Iron Solomon

We’re all very familiar with this infamous rap list: Canibus, Jin, Serius Jones, etc. These are the many gifted, hungry MCs who could light up freestyle cyphers for large cash prizes but never could build that into a successful rap career or, sometimes, even get one started. Battle-rap beast and champion Iron Solomon similarly paid his dues on that circuit, dominating competitions such as Braggin’ Writes, Scribble Jam, and Fight Klub. But with the arrival of his debut album, Monster, the question put to those punchline kings must also be asked of Solomon: Are his battle-tested rhymes only capable of producing a one-dimensional LP? Well, the short answer is definitely no.

This first official full-length from the Manhattan native proves that he’s, in fact, more than just a motherf*cking Monster on the microphone. He takes common rap themes and linear concepts and molds them around various autobiographical tropes of family, New York city life, and, especially, the struggle to make it in the industry. His journey to fame highlights some of the album’s best tracks, including “15 Minutes,” “Breathe,” and the opening track, “Almost There” with its lush strings, horns, and cathedral choir vocals over thumping drums. However, the ode to his hometown, “The Empire” appropriately featuring Talib Kweli, is his most multidimensional offering wherein he lyrically wraps his braggadocio, social consciousness, and storytelling abilities into one grandiose and anthemic banger.

Compared to the one-liners he used to defeat Jin at Fight Klub, Solomon may have toned down the aggression a smidgen for the album. But, fans need not worry and can still expect those clever punchlines sprinkled throughout: “I’m inside a Ford, with a Ford model/You’re in your mom’s Ford, a ’94 model” (from “15 Minutes”). What’s interesting about his many boasts – and there are plenty – is that they show some complexity too. There’s the extreme, “I’m like Mohammed to Muslims, like Jesus to Christians/I’m likes Moses in Egypt, but I ain’t preaching religion” on “Nothing to Lose,” or just the plain vulgar, “[Girls] wanna fuck me, wanna hump me, wanna hug me for survival/it doesn’t matter if they’re black or white, they love me like a Michael” on “Get on My Level.” In both, there’s room for acknowledging another layer of thought besides just “I’m better than you,” but he still can run wild with crazy hyperbole.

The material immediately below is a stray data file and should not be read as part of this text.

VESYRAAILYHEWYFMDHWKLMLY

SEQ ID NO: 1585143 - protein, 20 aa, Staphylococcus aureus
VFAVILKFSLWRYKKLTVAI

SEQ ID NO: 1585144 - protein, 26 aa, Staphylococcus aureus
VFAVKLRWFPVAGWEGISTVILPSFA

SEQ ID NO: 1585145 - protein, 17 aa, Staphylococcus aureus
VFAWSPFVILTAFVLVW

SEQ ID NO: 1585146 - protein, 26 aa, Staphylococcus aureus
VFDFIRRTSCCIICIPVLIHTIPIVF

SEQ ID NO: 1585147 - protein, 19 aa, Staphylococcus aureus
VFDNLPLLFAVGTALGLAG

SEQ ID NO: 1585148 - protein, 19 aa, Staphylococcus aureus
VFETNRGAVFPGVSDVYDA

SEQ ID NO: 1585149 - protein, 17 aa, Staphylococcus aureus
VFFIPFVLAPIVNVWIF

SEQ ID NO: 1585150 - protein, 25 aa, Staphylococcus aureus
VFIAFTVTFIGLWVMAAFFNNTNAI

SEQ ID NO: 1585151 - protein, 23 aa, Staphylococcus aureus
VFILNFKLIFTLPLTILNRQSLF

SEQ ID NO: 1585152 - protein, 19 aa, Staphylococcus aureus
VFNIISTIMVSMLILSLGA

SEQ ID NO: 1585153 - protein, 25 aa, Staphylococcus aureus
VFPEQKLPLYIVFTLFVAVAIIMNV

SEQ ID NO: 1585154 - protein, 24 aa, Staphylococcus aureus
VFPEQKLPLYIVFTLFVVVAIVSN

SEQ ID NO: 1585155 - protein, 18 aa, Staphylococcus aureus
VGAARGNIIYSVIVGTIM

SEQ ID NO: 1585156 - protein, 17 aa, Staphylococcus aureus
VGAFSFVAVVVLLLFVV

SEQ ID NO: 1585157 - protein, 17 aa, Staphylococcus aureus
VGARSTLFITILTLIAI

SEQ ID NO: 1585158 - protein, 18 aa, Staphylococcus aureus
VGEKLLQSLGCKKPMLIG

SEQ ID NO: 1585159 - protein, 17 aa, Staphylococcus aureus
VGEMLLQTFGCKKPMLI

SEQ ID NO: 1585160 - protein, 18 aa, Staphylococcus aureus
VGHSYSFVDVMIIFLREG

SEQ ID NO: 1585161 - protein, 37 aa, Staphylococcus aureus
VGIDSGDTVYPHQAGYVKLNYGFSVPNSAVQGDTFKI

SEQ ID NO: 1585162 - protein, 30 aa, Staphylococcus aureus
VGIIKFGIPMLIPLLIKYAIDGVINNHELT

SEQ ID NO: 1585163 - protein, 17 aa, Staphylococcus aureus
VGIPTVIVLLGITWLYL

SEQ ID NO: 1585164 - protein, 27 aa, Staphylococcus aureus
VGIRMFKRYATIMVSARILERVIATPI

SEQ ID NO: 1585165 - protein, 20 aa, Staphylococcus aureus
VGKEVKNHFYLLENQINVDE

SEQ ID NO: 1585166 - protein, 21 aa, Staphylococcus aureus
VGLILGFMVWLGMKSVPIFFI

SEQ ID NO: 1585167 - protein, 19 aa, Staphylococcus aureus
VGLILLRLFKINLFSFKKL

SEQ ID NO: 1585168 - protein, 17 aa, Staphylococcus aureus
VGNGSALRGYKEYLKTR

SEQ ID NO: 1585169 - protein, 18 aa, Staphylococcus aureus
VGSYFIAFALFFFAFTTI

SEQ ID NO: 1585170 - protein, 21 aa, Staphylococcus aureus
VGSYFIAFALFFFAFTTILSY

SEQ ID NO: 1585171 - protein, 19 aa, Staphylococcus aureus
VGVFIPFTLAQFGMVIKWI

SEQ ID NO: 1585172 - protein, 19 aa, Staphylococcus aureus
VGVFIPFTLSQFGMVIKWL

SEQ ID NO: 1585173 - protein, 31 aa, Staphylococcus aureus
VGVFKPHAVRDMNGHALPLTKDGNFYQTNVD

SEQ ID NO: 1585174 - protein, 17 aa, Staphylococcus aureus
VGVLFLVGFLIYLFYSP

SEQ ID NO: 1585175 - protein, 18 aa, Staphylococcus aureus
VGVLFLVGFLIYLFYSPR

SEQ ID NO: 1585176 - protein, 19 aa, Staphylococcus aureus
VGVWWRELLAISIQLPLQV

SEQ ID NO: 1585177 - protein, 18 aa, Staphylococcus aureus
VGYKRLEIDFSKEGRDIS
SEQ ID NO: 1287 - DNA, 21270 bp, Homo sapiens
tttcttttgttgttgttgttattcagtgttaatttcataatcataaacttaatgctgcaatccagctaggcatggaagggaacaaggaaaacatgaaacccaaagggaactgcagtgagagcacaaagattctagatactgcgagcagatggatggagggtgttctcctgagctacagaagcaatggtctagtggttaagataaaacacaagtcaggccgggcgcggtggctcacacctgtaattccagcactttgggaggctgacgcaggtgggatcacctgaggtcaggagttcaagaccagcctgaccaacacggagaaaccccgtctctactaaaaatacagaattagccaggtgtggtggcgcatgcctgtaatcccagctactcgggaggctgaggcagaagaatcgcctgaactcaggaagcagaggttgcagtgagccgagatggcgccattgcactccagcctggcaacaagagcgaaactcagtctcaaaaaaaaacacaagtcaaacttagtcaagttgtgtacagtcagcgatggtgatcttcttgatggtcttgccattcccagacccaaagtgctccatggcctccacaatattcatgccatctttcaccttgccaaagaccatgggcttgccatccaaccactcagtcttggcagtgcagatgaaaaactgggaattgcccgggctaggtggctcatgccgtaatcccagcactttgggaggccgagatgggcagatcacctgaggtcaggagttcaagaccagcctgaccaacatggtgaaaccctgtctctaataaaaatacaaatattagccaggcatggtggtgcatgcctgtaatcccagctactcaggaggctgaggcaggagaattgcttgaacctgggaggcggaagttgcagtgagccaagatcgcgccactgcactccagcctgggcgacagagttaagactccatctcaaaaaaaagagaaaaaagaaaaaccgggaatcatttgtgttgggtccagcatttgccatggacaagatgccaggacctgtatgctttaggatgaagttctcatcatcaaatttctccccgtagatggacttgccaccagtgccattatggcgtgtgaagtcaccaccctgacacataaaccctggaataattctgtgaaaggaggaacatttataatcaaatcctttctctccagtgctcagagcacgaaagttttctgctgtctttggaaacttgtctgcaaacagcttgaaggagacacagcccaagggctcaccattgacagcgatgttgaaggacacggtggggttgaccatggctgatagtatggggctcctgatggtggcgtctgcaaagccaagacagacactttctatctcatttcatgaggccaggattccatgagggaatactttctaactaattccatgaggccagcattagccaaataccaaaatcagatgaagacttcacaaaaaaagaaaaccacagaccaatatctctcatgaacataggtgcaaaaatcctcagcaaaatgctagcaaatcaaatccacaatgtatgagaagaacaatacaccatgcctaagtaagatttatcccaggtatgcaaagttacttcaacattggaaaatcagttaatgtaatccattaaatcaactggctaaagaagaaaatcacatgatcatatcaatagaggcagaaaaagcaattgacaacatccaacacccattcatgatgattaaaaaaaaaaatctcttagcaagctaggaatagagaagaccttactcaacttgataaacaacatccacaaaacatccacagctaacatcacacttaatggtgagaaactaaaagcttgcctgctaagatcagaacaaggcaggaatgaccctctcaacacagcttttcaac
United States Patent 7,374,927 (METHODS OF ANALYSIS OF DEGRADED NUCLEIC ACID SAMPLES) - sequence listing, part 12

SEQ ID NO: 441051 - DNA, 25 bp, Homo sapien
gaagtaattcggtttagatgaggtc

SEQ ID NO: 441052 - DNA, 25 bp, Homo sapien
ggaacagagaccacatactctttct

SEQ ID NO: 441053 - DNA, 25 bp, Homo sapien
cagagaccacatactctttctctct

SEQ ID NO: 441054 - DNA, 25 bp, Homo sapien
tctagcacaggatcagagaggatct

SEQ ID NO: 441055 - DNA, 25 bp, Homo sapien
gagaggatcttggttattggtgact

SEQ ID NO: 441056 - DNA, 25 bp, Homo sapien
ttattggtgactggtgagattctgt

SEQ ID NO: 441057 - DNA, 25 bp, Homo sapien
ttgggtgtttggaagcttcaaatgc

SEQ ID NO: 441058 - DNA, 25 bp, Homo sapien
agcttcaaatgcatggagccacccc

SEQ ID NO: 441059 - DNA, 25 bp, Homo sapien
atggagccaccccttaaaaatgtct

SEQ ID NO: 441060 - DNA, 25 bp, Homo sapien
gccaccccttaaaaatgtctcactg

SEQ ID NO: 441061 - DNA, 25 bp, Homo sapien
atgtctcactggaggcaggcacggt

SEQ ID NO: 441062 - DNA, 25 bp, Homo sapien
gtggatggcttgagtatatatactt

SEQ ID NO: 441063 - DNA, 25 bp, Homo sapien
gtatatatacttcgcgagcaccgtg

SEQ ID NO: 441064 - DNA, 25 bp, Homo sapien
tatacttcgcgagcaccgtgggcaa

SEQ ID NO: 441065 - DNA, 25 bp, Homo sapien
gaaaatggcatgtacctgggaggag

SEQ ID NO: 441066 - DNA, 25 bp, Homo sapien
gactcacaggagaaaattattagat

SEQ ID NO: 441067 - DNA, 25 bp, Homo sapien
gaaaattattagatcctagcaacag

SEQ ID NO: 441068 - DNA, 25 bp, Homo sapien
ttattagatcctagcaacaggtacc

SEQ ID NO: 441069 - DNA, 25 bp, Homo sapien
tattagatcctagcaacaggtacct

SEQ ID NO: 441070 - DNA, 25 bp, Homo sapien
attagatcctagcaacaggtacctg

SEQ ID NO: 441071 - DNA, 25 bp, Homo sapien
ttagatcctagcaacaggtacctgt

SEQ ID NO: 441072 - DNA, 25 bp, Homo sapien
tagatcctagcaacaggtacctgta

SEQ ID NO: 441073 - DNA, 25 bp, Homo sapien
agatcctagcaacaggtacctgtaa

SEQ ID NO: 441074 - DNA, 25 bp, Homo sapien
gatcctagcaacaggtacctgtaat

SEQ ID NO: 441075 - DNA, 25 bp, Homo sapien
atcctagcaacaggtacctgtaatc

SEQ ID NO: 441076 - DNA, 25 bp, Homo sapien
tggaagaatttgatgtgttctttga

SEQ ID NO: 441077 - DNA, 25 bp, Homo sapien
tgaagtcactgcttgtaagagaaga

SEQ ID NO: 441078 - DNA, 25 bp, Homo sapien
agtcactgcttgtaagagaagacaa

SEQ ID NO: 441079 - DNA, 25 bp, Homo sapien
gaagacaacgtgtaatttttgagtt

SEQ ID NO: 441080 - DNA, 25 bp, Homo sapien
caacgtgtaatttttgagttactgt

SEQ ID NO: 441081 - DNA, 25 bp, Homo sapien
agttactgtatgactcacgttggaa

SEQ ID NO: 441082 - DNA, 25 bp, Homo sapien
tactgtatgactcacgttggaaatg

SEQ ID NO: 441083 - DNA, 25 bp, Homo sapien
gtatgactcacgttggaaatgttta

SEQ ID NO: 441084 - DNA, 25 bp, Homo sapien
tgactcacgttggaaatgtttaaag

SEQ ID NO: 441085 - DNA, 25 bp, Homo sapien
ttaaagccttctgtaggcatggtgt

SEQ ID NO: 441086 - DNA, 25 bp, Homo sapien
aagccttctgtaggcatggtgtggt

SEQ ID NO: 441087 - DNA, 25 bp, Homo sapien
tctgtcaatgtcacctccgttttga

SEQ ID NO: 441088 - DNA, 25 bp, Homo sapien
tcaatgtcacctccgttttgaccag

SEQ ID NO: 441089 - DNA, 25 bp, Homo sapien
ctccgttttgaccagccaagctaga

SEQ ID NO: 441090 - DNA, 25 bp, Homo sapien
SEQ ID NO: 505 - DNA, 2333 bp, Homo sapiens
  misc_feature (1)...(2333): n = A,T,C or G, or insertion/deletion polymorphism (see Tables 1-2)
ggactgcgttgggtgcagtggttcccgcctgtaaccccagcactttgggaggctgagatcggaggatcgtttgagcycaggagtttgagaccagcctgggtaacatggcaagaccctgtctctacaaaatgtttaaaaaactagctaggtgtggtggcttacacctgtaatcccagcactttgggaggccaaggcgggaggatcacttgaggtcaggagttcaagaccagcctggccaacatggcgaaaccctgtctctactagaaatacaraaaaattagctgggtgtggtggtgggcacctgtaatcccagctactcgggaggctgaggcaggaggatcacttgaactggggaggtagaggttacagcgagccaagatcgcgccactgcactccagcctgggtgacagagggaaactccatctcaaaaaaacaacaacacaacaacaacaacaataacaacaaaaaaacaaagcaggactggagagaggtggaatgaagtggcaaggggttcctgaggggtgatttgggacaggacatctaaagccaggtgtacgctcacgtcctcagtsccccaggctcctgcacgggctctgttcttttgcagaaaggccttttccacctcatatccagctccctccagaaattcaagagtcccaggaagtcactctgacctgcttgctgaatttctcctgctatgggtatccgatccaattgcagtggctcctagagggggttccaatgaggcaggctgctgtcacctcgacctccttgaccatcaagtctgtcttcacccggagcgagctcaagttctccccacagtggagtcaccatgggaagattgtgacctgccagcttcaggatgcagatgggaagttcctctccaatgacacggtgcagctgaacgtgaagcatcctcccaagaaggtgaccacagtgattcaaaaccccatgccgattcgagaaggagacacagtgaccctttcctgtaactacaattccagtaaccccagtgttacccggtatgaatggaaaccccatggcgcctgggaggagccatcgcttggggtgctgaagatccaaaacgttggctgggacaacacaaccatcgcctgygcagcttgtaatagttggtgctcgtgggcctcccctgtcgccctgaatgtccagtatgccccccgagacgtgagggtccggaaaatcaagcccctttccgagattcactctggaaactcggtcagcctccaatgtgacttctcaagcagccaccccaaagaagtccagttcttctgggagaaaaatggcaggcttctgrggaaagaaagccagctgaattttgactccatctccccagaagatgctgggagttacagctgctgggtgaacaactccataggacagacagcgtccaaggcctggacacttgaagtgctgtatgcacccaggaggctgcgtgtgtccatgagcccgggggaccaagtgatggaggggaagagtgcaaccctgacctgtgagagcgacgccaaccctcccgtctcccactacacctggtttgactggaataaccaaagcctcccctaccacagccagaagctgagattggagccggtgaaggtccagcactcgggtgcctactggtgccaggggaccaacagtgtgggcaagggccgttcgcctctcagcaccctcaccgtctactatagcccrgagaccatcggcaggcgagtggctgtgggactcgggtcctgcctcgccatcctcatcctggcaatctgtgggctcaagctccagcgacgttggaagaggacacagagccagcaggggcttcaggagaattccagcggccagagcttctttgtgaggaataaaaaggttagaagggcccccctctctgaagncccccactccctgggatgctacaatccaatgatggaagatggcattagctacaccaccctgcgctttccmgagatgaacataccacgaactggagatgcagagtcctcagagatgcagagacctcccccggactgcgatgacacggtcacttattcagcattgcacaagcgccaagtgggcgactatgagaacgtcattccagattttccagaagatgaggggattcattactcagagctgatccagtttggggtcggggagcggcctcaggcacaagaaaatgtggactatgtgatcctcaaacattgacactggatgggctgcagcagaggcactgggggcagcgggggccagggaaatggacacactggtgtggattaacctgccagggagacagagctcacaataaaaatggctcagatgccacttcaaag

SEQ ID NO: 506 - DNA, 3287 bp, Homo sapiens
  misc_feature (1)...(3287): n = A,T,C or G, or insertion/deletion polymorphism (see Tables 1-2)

So, now the more thorough answer to the original question. Even though Solomon clearly proves he is able to create well-rounded songs instead of a bunch of tracks pointlessly showing off his rhyme skills, he does fall prey to one trap; and that is, the conception of Monster as a whole is a little formulaic. Relationship songs like the pop-rock “Classic Girl” and the slower “Tug of War” seem to overcompensate for his battle-rap pedigree and can suggest the many failed debuts from major-label artists who came up from the underground. This is not the case with Solomon’s first release, especially considering that he and his in-house team produced the album entirely themselves, but it definitely keeps Monster from being a distinctively original work. Thus, the next question becomes: Can he improve on this, avoiding a sophomore slump? We can only wait and see..

-Cyril Cordor